Providing resilience in a Wellington waterfront development

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Published 24 November 2017
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Providing resilience in a Wellington waterfront development

Abstract

Wellington’s waterfront is in demand for new developments due to its proximity to the central business district, infrastructure, and harbour. This area can be impacted on by several hazards like earthquake shaking, liquefaction and lateral spread, see level rise and tsunami (tsunami not considered in this paper). The waterfront was reclaimed in a number of stages beginning in the 1850s, mainly by end tipping of weathered gravels. Liquefaction and lateral spread of these gravels as a consequence of a strong earthquake shaking event is likely to occur as was observed in the recent M7.8 Kaikōura earthquake in November 2016. This paper presents a case study of a five-storey building currently being constructed on the Wellington waterfront. To mitigate the impact from some of the natural hazards and to provide a resilient structure various foundation and ground improvement systems were considered. An in-ground cellular foundation solution was selected. This solution offers: liquefaction mitigation, shear resistance to resist lateral spread beneath the building, foundations for the new structure, temporary basement walls and effective cut-off of ground-water flow during construction. The foundation selection process, features and associated risks are discussed in this paper.

1 INTRODUCTION

Since the 2011 Canterbury earthquakes and 2016 Kaikōura earthquake, ‘resilience’ is one of the main focuses while designing foundations and substructures on sites prone to liquefaction and lateral spread such as the Wellington waterfront.

A five storey building with a basement is currently being constructed on the Wellington waterfront. While the waterfront provides unique location and amenity advantages for developments, the ground conditions are very challenging and complex.

The building design includes base isolation to prevent the building’s superstructure from absorbing earthquake energy, with ground improvement to support the base isolation system and provide a high level of resilience to earthquake damage.

This paper discusses the foundation options considered for this complex site, the basis of selecting the in-ground cellular foundation solution and its features and associated risks and hazards.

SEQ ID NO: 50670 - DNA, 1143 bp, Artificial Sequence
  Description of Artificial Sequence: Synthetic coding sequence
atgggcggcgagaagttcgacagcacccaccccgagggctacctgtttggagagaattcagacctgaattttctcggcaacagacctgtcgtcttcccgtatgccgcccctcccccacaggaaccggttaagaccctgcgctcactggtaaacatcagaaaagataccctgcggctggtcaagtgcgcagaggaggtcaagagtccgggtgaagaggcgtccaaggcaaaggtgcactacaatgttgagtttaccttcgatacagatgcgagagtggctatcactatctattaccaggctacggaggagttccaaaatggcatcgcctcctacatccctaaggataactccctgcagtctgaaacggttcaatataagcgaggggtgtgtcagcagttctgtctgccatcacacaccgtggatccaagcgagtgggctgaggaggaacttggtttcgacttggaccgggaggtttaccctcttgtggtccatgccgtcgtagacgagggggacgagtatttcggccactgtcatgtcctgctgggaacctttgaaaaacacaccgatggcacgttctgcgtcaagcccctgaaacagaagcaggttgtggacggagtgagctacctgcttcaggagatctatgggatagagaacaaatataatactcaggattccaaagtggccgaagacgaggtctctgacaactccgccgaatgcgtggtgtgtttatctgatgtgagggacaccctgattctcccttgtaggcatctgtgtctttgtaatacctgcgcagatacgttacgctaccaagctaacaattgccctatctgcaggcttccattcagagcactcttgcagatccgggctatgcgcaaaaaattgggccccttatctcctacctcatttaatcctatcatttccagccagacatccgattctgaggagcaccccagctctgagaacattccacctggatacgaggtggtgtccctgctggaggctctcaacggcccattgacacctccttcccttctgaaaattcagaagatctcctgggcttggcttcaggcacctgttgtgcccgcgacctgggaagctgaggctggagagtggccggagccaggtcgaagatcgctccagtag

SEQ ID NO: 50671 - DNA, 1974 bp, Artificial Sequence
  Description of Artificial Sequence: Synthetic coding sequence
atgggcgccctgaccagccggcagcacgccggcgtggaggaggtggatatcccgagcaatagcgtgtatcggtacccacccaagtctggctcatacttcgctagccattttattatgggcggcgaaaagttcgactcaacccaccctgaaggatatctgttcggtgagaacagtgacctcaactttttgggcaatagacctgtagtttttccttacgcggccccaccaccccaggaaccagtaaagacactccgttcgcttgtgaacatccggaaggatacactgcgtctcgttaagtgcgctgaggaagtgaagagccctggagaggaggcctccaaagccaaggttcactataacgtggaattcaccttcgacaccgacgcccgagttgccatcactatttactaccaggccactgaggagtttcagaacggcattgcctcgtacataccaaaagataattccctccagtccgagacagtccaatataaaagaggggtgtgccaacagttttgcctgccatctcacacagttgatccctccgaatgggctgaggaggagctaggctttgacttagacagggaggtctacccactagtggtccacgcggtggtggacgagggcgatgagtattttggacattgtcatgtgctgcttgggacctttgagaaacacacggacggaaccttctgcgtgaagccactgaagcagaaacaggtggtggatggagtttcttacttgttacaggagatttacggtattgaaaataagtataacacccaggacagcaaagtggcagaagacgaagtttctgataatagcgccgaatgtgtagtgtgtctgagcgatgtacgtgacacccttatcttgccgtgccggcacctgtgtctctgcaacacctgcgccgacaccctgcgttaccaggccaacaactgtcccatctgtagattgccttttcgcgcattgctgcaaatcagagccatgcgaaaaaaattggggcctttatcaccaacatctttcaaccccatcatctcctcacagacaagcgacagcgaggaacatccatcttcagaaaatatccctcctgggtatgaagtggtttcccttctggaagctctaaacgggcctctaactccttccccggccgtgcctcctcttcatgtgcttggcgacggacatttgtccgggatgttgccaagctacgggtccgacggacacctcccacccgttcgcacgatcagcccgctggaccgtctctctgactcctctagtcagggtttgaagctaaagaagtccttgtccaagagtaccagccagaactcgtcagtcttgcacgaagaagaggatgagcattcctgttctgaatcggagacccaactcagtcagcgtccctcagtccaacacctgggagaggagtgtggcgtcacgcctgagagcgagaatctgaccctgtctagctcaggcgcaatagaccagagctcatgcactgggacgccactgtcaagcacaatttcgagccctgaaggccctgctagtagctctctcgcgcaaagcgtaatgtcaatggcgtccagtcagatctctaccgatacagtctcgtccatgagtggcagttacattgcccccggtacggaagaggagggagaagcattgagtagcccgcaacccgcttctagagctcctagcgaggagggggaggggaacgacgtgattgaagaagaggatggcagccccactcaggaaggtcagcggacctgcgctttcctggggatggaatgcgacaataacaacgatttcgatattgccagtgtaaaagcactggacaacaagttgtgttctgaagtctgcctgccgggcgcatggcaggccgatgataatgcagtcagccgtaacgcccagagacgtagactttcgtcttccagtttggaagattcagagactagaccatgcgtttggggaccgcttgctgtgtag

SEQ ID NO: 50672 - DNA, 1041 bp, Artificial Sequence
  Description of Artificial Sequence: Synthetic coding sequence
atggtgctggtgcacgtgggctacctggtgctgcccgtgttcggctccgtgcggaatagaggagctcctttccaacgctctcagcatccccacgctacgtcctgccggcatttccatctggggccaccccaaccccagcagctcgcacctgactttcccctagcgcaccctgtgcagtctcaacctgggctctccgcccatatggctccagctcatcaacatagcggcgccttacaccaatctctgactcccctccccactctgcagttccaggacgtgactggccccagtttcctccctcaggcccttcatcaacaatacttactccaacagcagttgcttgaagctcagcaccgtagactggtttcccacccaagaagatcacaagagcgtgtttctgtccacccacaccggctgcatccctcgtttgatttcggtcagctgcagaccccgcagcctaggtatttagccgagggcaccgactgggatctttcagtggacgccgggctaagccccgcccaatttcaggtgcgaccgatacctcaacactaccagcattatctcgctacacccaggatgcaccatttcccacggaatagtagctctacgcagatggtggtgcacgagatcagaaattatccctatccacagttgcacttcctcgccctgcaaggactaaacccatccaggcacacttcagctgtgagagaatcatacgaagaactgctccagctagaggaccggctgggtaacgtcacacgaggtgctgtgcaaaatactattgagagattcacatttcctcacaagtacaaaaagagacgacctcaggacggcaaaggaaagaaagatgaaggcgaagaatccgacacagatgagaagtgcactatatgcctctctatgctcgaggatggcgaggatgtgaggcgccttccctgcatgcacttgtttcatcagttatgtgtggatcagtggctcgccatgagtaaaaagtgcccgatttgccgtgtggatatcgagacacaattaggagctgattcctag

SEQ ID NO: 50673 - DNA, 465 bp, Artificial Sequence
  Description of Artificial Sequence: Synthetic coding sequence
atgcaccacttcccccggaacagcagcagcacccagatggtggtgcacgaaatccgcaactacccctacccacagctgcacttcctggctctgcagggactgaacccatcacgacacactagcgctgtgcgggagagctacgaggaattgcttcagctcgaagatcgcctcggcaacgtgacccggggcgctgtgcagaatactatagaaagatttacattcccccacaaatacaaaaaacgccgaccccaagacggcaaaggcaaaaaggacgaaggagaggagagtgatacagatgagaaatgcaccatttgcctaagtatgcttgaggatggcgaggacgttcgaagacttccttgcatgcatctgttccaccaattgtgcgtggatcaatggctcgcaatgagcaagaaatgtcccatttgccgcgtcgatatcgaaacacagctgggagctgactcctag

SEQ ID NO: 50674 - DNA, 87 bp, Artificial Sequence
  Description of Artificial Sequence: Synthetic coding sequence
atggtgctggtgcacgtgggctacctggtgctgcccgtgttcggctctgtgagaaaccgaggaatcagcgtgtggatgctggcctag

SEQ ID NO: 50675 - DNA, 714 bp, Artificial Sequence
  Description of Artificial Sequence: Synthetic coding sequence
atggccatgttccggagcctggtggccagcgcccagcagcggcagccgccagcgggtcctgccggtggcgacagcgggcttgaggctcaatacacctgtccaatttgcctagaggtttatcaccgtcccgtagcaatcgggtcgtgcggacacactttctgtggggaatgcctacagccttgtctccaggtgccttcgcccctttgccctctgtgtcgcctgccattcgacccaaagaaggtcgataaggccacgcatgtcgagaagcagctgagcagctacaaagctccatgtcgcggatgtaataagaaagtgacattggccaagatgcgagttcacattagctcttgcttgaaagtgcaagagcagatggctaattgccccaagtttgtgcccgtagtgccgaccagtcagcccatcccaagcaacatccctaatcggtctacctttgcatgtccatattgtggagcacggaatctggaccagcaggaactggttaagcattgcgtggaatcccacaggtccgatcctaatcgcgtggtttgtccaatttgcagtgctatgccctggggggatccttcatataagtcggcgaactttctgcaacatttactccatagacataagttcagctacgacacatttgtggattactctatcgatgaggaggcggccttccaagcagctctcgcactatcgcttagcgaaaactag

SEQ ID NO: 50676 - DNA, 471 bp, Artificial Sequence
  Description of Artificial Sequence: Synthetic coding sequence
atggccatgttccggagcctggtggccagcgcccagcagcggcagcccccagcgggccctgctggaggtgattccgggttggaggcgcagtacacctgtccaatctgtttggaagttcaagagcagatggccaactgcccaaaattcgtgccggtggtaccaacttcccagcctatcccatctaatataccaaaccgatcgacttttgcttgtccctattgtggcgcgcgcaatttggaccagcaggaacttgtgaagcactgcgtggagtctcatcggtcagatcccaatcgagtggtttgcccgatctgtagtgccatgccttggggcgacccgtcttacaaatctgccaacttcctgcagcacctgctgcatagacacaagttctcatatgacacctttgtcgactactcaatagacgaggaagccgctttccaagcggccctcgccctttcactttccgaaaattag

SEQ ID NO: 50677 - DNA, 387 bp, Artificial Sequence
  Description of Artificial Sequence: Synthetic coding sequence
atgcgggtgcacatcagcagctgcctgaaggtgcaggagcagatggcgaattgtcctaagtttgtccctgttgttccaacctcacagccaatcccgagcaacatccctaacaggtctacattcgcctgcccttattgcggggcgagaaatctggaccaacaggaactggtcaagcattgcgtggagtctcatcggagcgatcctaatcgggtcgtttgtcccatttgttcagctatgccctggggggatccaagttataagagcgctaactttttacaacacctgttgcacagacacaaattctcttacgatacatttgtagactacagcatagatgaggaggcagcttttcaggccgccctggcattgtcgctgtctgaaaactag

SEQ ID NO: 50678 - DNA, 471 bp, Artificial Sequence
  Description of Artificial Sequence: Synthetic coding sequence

2 PROJECT INFORMATION

2.1 Proposed development

A five storey building with a basement beneath approximately 90% of the building footprint is currently being constructed on the Wellington waterfront (refer Figure 1 for site location). The building owner wanted to provide a high level of resilience under an extreme earthquake event, including a lower potential for damage in a severe event than a normal office building.

The building design includes base isolation to provide high seismic performance by reducing the extent to which the building’s superstructure absorbs earthquake energy. To support the base isolation system and ensure this high seismic performance, ground improvement was needed to reduce liquefaction and lateral spread.

Figure 1: Site plan

2.2 Specific site conditions

The site is on reclaimed land on the Wellington Harbour foreshore. The reclamation fill is underlain by thin layer of recent marine deposits and Pleistocene alluvial deposits, which infilled the steeply graded valley (Begg & Johnston, 2000). Changes in sea level built up the alluvial deposits in layers of gravel, sand and silt. Greywacke bedrock underlies the alluvial deposits at more than 100m below existing ground level.

The original shoreline, which ran along Lambton Quay, is approximately 300m west of the site (refer Figure 1). Prior to 1876, the reclamation fills extended up to Waterloo Quay (Semmens et al. 2010). The land beneath the site was reclaimed in the early 1900s. As illustrated in Figure 2, a mass concrete seawall was constructed immediately to the south-east of the site which formed the edge of that reclamation. It is likely that the reclamation was formed by tipping materials excavated during roading and other construction work, predominately silty sandy gravels. In the early 1970s, a reclamation southeast of the site was constructed, supported by a sheet pile wall to the east and rock revetment to the south.

2.3 Seismic shaking hazard and liquefaction risk

The seismic subsoil class for the site is considered to be ‘Class D – Deep or Soft Soil Sites’ in accordance with NZS 1170.5:2004 (Standards New Zealand, 2004). An Ultimate Limit State (ULS) of 2500 year return period has been considered. Peak Ground Acceleration (PGA) of 0.62g and a corresponding earthquake magnitude of Mw 7.1 was derived from NZTA Bridge Manual (NZTA, 2016) following the recommendation in recent geotechnical guideline (NZGS, 2016).

Liquefaction occurs when excess pore pressures are generated in loose, saturated, generally cohesionless soil (sands and non-plastic silts) during earthquake shaking. This causes the soil to undergo a partial to complete loss of shear strength. Such a loss of shear strength can result in settlement, bearing capacity failure and / or horizontal movement of the soil mass. Liquefaction of gravels within reclamation fills has also been observed following the earthquake in Kobe, Japan in 1995 (Cubrinovski & Ishihara, 2003; Hara et al. 2004; Hara et al. 2012), and the recent earthquake in Kaikōura in 2016 which greatly affected Wellington port land (Cubrinovski et al. 2017).